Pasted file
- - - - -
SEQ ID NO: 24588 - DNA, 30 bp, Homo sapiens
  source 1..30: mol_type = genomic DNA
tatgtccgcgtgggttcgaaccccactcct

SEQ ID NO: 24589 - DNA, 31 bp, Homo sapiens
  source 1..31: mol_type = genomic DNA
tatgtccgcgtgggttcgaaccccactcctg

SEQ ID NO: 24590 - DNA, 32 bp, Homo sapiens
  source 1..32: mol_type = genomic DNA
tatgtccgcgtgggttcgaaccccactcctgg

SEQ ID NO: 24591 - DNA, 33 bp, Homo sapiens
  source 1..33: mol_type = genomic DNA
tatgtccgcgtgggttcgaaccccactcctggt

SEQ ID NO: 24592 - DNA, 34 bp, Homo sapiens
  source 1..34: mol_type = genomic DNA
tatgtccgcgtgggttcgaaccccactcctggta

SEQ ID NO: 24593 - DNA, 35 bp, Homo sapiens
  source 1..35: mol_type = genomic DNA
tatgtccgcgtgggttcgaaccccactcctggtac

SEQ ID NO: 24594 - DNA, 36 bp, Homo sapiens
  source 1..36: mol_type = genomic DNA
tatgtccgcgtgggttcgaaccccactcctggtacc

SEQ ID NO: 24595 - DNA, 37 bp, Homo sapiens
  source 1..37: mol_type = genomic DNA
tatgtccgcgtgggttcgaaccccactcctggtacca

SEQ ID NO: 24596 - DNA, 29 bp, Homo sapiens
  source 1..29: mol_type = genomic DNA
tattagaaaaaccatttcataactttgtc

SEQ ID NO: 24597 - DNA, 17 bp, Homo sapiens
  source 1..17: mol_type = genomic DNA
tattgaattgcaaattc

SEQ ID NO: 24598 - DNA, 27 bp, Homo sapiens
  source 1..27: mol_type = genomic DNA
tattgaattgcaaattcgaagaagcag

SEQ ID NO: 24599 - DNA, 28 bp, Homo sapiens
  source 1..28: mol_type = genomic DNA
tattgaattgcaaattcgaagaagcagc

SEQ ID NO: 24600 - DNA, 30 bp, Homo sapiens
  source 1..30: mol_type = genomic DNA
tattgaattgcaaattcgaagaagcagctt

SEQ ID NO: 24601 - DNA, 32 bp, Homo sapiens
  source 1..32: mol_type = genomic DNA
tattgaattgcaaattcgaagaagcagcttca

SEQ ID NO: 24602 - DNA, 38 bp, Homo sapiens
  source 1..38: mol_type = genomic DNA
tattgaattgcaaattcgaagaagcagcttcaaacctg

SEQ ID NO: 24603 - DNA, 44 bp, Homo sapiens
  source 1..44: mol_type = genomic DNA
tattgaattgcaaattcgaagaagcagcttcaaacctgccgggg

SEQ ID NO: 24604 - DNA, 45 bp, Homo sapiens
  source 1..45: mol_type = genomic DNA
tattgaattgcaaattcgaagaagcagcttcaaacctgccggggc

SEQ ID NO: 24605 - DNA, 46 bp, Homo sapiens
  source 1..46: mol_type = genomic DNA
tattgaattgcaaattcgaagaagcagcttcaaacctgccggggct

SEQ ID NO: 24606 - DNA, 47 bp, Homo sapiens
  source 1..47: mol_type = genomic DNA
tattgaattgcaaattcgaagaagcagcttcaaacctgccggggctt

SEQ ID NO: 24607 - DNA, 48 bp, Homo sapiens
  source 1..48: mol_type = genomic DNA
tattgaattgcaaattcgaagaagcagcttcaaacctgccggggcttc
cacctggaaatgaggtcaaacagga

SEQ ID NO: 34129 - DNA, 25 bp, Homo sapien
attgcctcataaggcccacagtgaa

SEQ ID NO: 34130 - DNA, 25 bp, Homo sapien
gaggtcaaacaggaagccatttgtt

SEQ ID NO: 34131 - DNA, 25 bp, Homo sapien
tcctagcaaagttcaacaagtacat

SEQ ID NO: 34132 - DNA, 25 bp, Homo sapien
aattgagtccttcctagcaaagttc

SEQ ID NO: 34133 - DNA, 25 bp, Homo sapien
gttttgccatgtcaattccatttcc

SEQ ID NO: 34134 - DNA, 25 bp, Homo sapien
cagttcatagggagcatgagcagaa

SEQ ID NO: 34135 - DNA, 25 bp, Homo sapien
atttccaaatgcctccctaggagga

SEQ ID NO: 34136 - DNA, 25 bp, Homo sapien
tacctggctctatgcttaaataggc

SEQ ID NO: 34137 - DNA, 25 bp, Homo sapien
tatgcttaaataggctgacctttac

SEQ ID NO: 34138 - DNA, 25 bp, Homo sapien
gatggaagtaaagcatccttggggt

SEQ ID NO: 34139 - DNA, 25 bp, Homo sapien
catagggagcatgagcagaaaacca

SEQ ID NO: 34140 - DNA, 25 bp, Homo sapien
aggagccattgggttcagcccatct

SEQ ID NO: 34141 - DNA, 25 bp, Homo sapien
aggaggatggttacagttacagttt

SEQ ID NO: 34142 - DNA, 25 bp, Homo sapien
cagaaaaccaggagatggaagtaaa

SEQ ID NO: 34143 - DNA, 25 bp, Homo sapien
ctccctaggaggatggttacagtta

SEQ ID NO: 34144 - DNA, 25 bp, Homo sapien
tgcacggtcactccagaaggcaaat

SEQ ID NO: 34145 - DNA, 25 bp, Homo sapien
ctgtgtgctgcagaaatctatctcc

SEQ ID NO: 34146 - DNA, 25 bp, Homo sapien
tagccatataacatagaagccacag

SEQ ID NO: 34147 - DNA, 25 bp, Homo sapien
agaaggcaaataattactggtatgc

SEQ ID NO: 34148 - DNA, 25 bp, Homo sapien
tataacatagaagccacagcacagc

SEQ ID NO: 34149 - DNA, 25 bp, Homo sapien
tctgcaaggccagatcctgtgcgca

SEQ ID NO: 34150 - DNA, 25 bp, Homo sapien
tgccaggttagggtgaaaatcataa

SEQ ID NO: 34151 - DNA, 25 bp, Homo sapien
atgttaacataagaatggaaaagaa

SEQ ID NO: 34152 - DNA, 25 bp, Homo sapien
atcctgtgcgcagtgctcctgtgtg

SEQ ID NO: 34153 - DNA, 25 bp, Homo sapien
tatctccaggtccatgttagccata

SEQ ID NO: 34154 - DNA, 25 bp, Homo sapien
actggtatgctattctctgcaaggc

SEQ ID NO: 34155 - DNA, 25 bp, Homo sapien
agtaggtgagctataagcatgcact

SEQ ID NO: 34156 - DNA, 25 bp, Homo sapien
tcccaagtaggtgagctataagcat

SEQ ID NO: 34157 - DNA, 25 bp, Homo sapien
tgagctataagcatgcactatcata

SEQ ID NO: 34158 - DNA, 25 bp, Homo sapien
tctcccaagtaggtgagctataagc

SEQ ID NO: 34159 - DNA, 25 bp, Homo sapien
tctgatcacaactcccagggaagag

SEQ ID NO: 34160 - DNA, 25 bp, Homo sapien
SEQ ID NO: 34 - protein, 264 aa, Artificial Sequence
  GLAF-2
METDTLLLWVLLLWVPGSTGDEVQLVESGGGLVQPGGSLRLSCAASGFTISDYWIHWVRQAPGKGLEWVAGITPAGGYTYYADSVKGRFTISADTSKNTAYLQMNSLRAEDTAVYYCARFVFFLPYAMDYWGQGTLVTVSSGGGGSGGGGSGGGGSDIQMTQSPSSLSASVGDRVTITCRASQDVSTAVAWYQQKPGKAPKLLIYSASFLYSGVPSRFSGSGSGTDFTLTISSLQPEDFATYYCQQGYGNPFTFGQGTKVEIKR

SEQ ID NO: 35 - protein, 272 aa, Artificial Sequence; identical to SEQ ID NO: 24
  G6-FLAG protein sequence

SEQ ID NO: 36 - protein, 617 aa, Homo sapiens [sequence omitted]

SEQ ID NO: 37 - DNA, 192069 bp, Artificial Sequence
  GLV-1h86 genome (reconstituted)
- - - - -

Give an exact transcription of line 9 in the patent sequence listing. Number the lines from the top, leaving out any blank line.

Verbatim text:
tatgtccgcgtgggttcgaaccccactcctgg